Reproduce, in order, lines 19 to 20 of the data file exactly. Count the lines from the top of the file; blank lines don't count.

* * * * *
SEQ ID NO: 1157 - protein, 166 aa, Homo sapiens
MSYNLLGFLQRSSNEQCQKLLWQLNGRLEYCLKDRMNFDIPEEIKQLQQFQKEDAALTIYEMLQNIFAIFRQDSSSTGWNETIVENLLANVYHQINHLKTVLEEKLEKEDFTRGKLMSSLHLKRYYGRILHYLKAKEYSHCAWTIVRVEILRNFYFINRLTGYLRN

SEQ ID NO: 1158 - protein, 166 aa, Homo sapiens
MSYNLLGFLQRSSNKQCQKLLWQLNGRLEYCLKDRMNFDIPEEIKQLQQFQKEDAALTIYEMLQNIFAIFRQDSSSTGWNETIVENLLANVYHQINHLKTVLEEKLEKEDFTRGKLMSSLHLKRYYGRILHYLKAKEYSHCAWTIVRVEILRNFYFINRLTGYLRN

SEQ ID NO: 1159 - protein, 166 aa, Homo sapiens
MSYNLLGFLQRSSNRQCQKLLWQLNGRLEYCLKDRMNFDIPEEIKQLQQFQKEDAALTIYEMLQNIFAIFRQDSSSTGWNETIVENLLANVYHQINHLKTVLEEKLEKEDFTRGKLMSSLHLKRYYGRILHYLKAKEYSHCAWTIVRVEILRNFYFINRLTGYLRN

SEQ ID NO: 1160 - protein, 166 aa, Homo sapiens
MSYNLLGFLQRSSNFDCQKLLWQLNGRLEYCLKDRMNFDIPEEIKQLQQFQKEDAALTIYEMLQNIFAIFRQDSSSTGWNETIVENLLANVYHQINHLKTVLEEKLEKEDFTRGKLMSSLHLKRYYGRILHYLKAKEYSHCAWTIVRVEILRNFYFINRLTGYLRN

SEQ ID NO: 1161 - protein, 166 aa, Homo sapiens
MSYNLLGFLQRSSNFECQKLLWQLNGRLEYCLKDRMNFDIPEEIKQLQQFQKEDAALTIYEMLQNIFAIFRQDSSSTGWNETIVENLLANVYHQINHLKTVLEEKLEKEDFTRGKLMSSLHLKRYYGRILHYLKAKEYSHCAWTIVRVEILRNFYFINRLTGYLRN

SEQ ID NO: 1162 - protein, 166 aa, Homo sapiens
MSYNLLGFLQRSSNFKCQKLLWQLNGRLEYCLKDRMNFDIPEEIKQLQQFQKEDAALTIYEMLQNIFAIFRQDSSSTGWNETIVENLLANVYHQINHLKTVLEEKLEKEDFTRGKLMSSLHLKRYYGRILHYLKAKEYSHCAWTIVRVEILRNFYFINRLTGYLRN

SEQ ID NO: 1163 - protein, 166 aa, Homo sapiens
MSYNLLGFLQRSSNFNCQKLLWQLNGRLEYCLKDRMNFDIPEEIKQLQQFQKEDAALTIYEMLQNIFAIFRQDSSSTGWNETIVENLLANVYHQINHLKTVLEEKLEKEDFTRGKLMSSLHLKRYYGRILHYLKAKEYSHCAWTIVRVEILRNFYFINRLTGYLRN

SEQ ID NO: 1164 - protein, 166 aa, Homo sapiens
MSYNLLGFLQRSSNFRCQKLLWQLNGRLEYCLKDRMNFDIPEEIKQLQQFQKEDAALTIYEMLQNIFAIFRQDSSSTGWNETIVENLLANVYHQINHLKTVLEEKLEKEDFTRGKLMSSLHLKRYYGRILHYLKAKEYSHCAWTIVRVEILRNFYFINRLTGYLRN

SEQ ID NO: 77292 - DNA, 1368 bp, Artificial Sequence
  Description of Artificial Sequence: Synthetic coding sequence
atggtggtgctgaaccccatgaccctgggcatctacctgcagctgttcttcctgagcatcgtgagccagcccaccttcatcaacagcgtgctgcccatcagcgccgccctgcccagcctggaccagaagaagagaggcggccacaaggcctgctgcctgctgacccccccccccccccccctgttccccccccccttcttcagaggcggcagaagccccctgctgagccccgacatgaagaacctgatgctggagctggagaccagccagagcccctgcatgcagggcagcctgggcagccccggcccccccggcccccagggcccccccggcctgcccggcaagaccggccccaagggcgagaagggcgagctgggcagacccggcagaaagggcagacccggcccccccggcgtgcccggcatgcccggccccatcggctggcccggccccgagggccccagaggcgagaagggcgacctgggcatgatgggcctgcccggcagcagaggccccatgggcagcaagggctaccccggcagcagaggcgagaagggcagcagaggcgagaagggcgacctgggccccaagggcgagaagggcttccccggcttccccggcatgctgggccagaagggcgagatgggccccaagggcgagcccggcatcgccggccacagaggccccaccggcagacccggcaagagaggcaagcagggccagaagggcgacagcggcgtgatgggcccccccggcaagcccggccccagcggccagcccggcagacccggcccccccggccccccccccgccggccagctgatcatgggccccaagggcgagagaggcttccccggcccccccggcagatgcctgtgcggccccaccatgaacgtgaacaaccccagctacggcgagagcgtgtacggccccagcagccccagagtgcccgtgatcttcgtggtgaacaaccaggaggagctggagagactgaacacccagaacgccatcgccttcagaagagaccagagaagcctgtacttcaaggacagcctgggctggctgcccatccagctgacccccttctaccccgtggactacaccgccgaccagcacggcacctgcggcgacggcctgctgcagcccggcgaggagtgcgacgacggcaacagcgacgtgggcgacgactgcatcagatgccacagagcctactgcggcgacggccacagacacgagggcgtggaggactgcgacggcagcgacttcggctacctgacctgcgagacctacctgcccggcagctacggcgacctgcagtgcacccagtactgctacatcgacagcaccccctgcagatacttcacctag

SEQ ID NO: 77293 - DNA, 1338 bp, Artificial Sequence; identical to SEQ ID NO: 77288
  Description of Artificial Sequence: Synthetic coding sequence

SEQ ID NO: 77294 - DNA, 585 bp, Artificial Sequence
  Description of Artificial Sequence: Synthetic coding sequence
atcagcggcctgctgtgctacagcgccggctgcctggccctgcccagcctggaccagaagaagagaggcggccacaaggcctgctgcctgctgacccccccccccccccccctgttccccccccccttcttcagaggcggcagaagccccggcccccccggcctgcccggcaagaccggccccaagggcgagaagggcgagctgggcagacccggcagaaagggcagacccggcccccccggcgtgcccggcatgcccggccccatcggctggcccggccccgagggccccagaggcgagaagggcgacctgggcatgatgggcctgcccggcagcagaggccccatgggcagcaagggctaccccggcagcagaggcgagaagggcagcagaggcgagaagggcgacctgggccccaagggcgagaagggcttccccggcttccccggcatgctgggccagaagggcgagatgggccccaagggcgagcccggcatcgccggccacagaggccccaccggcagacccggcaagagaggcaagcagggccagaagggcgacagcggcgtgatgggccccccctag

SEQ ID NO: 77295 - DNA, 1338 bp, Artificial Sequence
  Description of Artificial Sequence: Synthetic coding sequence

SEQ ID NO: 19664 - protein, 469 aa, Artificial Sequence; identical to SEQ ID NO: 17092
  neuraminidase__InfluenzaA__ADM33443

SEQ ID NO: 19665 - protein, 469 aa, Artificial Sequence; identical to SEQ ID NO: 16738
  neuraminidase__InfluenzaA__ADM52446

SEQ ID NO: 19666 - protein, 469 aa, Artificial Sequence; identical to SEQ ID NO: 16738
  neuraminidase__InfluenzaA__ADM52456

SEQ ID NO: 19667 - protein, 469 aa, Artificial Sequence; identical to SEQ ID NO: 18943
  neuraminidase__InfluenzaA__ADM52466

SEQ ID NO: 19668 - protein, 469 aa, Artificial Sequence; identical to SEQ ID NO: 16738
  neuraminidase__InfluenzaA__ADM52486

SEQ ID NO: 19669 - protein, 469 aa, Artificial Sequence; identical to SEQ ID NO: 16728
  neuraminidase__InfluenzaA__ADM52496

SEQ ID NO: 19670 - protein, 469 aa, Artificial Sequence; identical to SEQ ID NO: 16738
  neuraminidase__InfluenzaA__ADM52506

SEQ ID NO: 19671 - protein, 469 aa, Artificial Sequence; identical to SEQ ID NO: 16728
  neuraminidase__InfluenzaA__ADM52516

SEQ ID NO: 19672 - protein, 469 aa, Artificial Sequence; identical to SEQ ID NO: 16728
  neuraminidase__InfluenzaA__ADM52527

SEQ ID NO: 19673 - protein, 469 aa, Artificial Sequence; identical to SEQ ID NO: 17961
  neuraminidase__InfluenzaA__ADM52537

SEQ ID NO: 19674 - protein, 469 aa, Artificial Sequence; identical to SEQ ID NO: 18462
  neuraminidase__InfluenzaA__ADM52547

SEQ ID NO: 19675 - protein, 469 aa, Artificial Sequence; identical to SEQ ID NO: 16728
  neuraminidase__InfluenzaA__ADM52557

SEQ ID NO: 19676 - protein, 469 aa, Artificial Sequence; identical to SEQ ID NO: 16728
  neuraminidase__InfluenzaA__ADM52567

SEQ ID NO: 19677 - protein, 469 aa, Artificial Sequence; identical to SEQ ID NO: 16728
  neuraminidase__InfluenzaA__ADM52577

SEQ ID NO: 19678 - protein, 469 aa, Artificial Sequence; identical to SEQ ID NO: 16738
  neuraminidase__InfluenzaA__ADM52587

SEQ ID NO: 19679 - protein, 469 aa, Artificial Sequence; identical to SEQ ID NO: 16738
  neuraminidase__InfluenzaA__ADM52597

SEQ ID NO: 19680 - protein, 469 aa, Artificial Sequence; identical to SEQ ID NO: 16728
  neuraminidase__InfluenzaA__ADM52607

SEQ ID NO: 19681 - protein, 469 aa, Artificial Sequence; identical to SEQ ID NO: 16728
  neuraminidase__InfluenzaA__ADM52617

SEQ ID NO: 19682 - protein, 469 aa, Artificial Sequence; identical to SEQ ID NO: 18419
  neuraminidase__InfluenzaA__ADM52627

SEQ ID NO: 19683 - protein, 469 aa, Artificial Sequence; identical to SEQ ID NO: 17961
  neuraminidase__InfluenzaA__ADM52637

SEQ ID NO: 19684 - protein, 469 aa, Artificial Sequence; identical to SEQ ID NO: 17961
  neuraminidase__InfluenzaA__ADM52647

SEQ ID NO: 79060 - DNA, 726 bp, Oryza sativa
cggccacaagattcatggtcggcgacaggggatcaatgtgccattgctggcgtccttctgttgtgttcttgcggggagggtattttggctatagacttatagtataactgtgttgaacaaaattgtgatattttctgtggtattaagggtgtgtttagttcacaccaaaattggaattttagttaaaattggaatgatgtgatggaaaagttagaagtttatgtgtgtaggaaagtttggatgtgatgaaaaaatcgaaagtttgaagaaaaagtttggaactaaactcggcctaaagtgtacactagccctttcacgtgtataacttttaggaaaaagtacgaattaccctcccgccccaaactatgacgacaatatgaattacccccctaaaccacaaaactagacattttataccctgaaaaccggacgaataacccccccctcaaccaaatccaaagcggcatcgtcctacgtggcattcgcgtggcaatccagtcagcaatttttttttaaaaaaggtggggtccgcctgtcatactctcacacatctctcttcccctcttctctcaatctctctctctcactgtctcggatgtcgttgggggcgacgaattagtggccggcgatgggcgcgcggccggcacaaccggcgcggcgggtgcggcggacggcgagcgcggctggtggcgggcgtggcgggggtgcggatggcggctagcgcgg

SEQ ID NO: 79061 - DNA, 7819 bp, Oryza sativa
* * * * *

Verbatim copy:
atggtggtgctgaaccccatgaccctgggcatctacctgcagctgttcttcctgagcatcgtgagccagcccaccttcatcaacagcgtgctgcccatcagcgccgccctgcccagcctggaccagaagaagagaggcggccacaaggcctgctgcctgctgacccccccccccccccccctgttccccccccccttcttcagaggcggcagaagccccctgctgagccccgacatgaagaacctgatgctggagctggagaccagccagagcccctgcatgcagggcagcctgggcagccccggcccccccggcccccagggcccccccggcctgcccggcaagaccggccccaagggcgagaagggcgagctgggcagacccggcagaaagggcagacccggcccccccggcgtgcccggcatgcccggccccatcggctggcccggccccgagggccccagaggcgagaagggcgacctgggcatgatgggcctgcccggcagcagaggccccatgggcagcaagggctaccccggcagcagaggcgagaagggcagcagaggcgagaagggcgacctgggccccaagggcgagaagggcttccccggcttccccggcatgctgggccagaagggcgagatgggccccaagggcgagcccggcatcgccggccacagaggccccaccggcagacccggcaagagaggcaagcagggccagaagggcgacagcggcgtgatgggcccccccggcaagcccggccccagcggccagcccggcagacccggcccccccggccccccccccgccggccagctgatcatgggccccaagggcgagagaggcttccccggcccccccggcagatgcctgtgcggccccaccatgaacgtgaacaaccccagctacggcgagagcgtgtacggccccagcagccccagagtgcccgtgatcttcgtggtgaacaaccaggaggagctggagagactgaacacccagaacgccatcgccttcagaagagaccagagaagcctgtacttcaaggacagcctgggctggctgcccatccagctgacccccttctaccccgtggactacaccgccgaccagcacggcacctgcggcgacggcctgctgcagcccggcgaggagtgcgacgacggcaacagcgacgtgggcgacgactgcatcagatgccacagagcctactgcggcgacggccacagacacgagggcgtggaggactgcgacggcagcgacttcggctacctgacctgcgagacctacctgcccggcagctacggcgacctgcagtgcacccagtactgctacatcgacagcaccccctgcagatacttcacctag

SEQ ID NO: 77293 - DNA, 1338 bp, Artificial Sequence; identical to SEQ ID NO: 77288